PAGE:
“Lapsed”: Heidi Neff on Process, Time, Burning her Paintings, and Donald Trump

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I met Heidi Neff in 2013 when I started working as an adjunct professor in the art department at Harford Community College. I had just graduated with an MFA from MICA’s MFAST program the previous year. It was a time of great personal change, some positive and some not so positive, but this article is not about me so I won’t go into all of that. I only mention this because somehow over the course of ten years she morphed from boss to friend. She has always been there to support me, both in my teaching and my studio practice. Last semester was my last semester at HCC and I feel this interview is a fitting way for our friendship to move on to whatever comes next.

Of course, I am not just writing this because she is a friend, I felt genuinely moved to say something and find out more about Neff’s work after seeing her show Lapsed at Stevenson University The show spans many disciplines, with oil on canvas painting, multi-channel video installations and even a participatory wall text called What do you Want to Say.

In the corner of the gallery, there is a low pedestal bearing two piles of ashes. You can see charred fragments of wood within the piles, metal hanging hardware, and fragments of broken mirrors. A toddler sized rocking chair sits on one of the piles of ashes. Overlapping videos are projected onto the debris and the rocking chair, consuming it all in flames. At various times viewers can see images of paintings in a bonfire. The piece, titled “Ashes to Ashes,” gives you the effect of seeing paintings before, during, and after being destroyed simultaneously.

To say the work is political would be an understatement, to paraphrase her aunt at the opening- Hey Heidi why don’t you tell us where you stand politically? But it is more than that, it is about being an artist, being a mother, being a partner, and being a feminist in these ever so uncertain times. The show even goes so far as to include a musical contribution from her partner Paul Chuffo. As she puts it, the personal can be political and, as seems evident in the work, the political can be deeply personal. 


"Reflective practice"(detail), "Ashes to Ashes," and "Fire and Ice"
Ronan O'Reilly contributes to "What do you Want to Say"

Bart O’Reilly: I just noticed that your opening was on October 7th?

Heidi Neff: Yes, it was.

I don’t remember thinking about the Hamas attack at your opening.

I found out when I got home that night.

When I left your show I was thinking about how political it was.  

It’s so much about that. Obviously not about the Hamas attack, but I think the experience of my exhibit is kind of like how it feels being in someone else’s thoughts about all the things going on in the world. It really does fit to get kind of a news alert about a new war.

I’ve been thinking about incorporating video into my painting practice again myself. You have eight channel videos with analogue components in what look like hand made drawings, you project on objects and you even have a large oil painting. I’ve never seen that painting before. Is that a new painting or an old painting?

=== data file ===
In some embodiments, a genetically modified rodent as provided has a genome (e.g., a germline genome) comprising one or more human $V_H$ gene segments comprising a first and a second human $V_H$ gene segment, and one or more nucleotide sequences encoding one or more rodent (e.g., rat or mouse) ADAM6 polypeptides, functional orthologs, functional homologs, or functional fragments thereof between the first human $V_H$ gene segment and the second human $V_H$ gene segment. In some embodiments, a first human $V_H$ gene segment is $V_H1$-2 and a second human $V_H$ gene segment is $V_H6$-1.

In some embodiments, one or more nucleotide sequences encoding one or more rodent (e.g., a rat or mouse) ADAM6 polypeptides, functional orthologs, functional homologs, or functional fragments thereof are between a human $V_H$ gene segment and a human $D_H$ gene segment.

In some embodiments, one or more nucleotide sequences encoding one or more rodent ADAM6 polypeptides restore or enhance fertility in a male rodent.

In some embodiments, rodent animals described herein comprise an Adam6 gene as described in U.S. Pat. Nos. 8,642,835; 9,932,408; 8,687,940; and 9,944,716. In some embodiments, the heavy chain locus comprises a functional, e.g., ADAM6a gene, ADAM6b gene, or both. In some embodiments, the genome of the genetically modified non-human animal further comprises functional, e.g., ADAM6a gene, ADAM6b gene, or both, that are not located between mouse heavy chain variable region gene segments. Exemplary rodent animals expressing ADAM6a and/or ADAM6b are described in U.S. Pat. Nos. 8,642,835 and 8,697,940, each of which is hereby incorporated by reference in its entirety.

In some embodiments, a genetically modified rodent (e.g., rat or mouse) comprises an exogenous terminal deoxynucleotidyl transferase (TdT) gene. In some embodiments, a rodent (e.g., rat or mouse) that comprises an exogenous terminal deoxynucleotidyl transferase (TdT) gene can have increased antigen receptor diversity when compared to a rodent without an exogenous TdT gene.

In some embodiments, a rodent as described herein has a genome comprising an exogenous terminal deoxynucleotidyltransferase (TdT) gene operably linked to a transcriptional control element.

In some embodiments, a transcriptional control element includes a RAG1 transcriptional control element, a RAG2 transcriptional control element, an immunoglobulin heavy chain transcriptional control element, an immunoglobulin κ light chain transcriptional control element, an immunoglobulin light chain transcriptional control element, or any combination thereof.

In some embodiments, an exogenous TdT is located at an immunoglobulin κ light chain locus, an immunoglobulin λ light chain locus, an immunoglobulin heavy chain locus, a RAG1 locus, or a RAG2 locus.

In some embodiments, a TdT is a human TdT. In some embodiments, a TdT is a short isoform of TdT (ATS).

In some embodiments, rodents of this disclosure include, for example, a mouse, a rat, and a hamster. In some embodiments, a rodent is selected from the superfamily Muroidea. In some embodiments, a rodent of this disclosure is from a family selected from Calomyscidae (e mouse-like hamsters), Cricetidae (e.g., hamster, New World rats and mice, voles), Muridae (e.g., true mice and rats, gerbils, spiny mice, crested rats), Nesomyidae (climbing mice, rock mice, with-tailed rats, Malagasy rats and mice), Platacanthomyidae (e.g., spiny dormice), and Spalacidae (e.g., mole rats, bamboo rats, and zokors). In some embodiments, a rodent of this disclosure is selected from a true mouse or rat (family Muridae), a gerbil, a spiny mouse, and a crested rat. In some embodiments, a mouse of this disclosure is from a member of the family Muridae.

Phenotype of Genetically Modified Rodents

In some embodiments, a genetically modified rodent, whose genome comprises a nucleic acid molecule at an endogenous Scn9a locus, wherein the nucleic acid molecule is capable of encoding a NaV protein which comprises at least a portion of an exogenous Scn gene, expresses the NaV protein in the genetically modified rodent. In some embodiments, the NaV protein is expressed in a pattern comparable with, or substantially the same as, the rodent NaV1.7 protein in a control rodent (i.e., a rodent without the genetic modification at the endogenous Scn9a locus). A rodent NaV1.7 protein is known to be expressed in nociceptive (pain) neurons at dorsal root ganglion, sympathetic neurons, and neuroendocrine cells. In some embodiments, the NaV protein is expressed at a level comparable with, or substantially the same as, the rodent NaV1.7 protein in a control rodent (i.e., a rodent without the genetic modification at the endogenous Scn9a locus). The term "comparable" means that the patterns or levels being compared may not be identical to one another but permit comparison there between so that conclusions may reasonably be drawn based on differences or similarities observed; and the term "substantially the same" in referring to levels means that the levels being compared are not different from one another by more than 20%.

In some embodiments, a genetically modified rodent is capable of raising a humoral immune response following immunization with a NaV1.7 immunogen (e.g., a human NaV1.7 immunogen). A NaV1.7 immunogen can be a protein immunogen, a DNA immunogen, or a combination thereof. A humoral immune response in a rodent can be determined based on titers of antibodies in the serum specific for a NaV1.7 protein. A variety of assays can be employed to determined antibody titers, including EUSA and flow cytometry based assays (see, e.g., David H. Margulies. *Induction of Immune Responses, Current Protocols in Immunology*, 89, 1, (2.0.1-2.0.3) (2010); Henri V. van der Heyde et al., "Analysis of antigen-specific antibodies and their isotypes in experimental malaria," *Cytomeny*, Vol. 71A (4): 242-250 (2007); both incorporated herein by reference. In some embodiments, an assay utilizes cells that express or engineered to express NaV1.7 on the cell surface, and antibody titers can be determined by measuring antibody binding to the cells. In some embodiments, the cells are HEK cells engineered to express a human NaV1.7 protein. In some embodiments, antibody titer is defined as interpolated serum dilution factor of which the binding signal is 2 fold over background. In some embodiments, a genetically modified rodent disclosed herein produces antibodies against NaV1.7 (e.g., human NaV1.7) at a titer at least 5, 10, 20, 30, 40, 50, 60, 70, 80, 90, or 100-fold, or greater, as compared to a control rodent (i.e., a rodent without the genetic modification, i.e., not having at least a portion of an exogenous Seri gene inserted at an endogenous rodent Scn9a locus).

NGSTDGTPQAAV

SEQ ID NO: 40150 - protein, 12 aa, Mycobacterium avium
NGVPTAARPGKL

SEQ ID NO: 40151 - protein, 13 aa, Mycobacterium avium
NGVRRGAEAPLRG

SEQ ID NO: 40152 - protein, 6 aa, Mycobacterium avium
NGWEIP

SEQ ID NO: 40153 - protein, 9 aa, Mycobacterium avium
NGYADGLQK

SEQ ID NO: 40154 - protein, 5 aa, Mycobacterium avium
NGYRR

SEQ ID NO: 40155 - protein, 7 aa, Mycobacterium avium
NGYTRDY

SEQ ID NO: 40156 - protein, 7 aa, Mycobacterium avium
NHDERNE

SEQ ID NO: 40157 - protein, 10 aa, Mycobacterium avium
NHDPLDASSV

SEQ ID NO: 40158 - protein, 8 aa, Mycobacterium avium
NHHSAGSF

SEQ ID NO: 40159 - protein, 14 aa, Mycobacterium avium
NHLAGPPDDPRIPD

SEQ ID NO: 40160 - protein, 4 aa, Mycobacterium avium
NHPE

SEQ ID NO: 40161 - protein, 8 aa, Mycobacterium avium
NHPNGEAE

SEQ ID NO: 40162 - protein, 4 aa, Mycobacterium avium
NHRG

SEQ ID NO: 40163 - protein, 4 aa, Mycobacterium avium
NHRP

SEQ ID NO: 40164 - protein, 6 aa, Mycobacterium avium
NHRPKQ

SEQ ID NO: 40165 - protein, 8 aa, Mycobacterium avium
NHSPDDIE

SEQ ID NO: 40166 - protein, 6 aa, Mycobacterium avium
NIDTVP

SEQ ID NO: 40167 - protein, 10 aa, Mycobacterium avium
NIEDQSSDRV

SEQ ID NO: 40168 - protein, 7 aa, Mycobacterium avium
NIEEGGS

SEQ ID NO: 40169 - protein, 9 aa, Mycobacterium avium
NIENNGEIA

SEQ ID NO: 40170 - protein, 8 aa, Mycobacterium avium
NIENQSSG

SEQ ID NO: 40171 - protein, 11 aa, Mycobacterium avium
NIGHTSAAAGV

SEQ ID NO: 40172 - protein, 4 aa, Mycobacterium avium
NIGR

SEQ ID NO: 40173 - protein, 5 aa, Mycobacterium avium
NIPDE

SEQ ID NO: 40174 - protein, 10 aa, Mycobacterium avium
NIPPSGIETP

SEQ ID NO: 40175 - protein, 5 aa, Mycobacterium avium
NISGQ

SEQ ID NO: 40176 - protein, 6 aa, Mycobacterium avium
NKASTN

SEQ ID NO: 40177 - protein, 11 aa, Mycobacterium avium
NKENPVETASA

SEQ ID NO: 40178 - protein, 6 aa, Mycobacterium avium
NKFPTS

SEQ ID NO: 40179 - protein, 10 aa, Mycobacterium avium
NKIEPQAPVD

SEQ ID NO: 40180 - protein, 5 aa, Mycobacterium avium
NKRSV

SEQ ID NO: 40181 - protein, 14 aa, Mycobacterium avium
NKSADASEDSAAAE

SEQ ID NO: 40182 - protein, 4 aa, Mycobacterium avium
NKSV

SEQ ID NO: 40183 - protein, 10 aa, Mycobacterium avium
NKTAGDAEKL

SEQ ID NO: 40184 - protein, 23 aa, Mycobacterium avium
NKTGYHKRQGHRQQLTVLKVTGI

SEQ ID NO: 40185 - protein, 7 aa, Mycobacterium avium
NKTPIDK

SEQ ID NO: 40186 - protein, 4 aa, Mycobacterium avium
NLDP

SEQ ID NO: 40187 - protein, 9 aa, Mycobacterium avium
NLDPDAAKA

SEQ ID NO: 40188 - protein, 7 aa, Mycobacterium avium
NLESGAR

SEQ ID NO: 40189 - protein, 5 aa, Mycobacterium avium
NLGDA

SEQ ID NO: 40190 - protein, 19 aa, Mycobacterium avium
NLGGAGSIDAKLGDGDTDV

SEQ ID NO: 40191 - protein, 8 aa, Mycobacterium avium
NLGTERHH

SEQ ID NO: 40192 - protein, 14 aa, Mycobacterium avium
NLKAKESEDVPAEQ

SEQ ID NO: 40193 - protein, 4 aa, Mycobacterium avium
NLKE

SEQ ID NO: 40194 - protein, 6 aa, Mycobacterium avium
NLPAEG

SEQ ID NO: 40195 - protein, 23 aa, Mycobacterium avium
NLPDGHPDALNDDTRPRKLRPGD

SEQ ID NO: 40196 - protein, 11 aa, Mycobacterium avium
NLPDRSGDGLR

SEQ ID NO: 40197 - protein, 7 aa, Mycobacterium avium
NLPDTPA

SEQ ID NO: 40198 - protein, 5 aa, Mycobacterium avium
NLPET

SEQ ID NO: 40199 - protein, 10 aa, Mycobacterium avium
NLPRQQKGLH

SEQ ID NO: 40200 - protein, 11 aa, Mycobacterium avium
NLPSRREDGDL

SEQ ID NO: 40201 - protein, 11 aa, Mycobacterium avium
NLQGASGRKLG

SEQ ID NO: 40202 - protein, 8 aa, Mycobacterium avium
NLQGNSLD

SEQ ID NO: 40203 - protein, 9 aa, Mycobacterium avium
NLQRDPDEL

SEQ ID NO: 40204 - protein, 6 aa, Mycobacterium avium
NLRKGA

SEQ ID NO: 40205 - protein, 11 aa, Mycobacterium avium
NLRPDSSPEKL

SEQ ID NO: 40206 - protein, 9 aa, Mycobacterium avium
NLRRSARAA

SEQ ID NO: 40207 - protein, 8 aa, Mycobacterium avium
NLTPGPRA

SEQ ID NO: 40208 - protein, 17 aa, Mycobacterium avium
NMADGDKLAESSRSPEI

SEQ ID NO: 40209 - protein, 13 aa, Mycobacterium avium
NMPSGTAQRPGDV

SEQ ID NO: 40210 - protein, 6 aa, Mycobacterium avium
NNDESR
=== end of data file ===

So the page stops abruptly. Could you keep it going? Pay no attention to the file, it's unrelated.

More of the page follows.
It is both. I started that painting, “Touched,” in, I think, 2011, maybe 2012, but just after Max was born. And then I’ve been adding to it. I added all kinds of things of personal significance to me throughout those years, just kind of slowly. It was going to be my last oil painting. I don’t know if it’s really my last oil painting, but it was going to be my last oil painting.


Heidi Neff, “Touched,” at Stevenson University

It’s very dense, the material is coarse and now that you mention it, it looks like a slow build up over several years. That is a long time to work on one piece, and clearly a lot has happened in the world over that time period. But it seems less political than the other work in the show. Can you speak to that a little?

Yeah, the texture is so important to me. I like things to feel a little rough. I like things to be tactile.

As for it being less political, I’m not sure it’s political at all except for in the 2nd wave feminist sense of the personal being political. And in that sense maybe it is very political. It started out as an expression of how I was feeling as a new wife and mother, which was a feeling of being trapped and over-touched to the point of rawness, but simultaneous feelings of wonder, awe, and confusion. And the rawest, most painful love ever. 

And then it became about time passing. I added my new baby and a toddler. There are symbols for the miscarriages I had during that time period as well. 

It was also about my struggle in the studio. When I started it, I thought, this will be my last oil painting. I’m going to use up all of these old crusty oils that are just sitting here, because I have to use acrylics for the health of my kids. I didn’t use any solvents for that reason. The plan was to pile it all on, completely for myself. It was never meant to be exhibited. I just needed to make something. I kept bringing it back out when I didn’t know what else to work on. 

Over time I started working on the animations a bit more than paintings. I had an idea of a future self in a rocking chair reflecting on every stage of her (my) life. I was learning animation slowly and painfully so I spent a ridiculous amount of time rotoscoping a loop from a video I made and my kids relentlessly teased me about how long I worked on it. In the end, it made sense to throw her (me) on the top layer of “Touched”.